Academic Benchmarks?

Does anyone else wonder if their children are learning everything they’re “supposed” to? I understand that as homeschoolers, our path is so very different from the public schools, that we can’t really be measured against them, etc. However, I often wonder if my kids are meeting similar benchmarks.

I have a 4th, 3rd, 1st, and PK this year. For the older three, we do certain subjects all together (science, history, geography, etc.). I’m wondering if my 4th grader is getting everything he needs from these subjects.

Does anyone know of any resources for homeschoolers to address this? I guess what I’m looking for is a grade checklist (i.e., by this certain grade, your child should know this…).



Core Knowledge series has books on that. See more info:

Also you can go to world book online and see their benchmarks. You also have the option to look at your state’s standards (through the state board Ed).

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I reference the state standards. Here is the link for Colorado:

I have created a checklist for preK:

I am working on checklists for other grades :wink:

Hope this is helpful

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I don’t for content-based subjects because everyone has gaps in content. You can’t know all the history, science etc… there is to know. There’s way more than anyone person can know. And especially in elementary school, you are going for enjoyment and developing interest and some basic “hooks” to hang information on. You’ll add to these as you school throughout the years. (We did US history twice, and went through world history twice, plus a couple of years that focused on geography/cultures by using Sonlight and Mystery of History, occasionally with a few other resources I added in for fun. Oh, and Adventures in Odyssey. I’m amazed at just how many things my kids would be familiar with, and I’d say, “Oh, do you remember that from when we studied xyz in history?” And they’d say, “No, Adventures in Odyssey!”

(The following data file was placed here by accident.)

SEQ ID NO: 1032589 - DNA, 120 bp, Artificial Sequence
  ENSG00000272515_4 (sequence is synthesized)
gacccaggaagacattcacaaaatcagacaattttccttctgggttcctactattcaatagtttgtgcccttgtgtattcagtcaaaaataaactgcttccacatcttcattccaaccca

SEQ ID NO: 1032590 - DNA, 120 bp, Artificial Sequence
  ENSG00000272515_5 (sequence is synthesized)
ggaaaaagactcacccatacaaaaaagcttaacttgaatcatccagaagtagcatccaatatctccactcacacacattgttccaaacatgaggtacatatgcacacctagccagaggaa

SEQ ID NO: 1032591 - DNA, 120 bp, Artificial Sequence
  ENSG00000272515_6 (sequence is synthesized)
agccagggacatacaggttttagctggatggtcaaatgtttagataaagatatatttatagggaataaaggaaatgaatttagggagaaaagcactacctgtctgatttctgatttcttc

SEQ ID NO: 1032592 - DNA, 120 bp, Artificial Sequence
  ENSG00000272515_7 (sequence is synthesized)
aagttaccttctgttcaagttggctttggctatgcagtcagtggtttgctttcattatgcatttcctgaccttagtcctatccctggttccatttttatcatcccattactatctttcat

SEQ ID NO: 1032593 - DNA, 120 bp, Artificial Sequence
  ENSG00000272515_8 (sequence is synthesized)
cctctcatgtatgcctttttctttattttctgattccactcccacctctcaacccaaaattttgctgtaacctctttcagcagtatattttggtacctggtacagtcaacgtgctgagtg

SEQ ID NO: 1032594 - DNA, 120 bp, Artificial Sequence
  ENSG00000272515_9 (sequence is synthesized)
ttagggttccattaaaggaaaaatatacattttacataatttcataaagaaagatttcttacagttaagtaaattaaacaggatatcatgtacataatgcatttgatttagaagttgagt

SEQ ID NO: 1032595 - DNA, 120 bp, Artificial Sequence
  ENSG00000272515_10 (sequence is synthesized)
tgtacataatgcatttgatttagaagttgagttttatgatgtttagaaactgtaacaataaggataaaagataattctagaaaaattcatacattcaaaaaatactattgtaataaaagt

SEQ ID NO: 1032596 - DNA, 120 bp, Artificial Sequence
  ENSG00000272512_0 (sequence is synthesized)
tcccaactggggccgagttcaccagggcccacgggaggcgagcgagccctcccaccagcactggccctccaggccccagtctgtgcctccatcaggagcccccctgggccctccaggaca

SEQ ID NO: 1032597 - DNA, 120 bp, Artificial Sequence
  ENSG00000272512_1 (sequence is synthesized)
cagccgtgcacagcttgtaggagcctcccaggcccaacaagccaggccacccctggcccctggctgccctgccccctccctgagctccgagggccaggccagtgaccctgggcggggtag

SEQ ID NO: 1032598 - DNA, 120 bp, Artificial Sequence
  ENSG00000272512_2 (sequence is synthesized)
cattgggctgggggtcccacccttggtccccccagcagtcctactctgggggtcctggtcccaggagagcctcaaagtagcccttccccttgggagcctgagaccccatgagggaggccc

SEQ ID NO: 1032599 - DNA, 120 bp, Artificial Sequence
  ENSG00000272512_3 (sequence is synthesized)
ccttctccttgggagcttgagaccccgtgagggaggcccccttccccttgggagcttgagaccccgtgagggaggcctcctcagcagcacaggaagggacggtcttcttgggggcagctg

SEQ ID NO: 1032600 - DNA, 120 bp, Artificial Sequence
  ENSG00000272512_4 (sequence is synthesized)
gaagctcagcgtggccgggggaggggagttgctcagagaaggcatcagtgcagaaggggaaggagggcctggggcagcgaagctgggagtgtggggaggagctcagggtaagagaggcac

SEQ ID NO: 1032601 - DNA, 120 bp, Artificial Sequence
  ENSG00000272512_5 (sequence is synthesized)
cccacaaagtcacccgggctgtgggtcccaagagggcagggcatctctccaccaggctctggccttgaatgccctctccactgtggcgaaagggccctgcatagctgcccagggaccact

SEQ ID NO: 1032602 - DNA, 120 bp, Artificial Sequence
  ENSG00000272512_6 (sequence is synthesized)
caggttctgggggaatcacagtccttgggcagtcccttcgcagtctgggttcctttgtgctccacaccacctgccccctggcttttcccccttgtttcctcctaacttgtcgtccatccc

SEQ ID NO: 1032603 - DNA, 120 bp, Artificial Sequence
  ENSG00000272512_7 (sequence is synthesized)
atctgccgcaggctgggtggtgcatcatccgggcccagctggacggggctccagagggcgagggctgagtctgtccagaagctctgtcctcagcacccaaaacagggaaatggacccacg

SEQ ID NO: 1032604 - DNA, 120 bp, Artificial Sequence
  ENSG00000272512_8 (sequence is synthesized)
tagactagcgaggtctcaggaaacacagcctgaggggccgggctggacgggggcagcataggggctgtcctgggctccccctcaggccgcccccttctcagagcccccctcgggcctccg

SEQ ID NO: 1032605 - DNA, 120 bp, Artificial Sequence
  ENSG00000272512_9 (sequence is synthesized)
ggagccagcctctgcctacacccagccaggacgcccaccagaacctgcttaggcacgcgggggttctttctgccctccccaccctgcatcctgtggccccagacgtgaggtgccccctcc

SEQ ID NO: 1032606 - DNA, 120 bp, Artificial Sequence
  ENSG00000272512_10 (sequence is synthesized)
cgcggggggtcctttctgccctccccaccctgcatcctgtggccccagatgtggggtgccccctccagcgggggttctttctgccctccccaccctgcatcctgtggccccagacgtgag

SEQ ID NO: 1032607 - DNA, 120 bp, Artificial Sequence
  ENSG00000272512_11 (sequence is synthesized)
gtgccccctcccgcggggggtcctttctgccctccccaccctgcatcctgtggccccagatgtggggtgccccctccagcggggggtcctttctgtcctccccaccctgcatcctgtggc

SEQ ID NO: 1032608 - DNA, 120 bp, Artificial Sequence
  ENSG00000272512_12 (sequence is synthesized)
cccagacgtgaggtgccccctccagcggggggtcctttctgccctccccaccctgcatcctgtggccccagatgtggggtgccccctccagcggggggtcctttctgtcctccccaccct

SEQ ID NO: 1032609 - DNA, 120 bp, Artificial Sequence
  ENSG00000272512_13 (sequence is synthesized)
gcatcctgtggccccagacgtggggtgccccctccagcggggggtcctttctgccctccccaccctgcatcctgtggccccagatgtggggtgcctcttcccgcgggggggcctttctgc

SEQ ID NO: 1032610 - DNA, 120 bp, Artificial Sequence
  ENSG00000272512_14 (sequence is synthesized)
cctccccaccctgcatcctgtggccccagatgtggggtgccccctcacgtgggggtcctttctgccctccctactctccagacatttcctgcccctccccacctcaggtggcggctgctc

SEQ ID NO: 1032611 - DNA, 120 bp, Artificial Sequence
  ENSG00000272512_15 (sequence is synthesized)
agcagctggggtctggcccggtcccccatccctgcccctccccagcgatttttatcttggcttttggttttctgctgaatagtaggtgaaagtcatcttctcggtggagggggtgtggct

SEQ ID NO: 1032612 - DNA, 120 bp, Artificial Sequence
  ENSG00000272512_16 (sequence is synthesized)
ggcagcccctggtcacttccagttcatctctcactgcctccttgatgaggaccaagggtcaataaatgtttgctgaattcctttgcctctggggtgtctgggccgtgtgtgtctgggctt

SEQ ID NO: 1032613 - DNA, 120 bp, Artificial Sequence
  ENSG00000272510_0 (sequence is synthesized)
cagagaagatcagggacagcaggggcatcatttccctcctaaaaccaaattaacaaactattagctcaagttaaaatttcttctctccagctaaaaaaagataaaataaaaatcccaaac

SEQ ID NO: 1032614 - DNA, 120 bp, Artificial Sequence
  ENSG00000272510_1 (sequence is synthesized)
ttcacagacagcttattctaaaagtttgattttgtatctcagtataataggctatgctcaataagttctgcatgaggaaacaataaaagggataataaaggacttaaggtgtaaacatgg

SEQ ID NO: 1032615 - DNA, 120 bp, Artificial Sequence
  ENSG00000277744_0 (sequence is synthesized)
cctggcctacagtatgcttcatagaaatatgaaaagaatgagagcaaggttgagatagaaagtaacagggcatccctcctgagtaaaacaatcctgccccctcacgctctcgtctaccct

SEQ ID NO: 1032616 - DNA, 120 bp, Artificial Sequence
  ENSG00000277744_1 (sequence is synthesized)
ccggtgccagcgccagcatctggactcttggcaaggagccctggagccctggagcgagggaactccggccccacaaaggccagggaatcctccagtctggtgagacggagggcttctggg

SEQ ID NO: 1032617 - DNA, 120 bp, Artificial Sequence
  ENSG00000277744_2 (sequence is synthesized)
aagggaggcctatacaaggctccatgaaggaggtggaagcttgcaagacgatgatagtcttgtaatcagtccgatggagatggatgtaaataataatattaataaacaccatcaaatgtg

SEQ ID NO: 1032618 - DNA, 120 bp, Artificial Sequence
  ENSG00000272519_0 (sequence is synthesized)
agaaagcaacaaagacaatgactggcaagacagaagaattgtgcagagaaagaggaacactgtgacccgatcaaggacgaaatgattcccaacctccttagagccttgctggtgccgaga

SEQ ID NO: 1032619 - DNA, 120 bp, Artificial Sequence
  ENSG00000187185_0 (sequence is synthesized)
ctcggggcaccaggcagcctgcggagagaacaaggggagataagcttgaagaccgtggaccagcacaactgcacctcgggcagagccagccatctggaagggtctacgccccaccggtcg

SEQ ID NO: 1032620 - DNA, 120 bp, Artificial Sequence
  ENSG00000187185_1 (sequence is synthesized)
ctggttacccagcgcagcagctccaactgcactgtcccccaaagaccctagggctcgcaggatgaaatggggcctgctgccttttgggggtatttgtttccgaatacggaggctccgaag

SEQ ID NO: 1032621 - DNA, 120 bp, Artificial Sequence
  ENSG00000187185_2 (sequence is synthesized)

Most history and science academic tests rely on reading comprehension plus learning how to read maps and graphs. So, gradually work on those skills while having fun learning about all kinds of history and science topics.

The subjects that are skills-based like math, spelling, reading comprehension, writing skills are the main things tested on academic tests (not that we teach to those, but I reference them as tools that measure benchmarks) were the things I looked to as far as “am I covering what’s needed.” And most of the time, if you have a resource that’s well-laid out, you have a good feel for whether your student is making progress in each skill area, what their strengths and weaknesses are, and so on.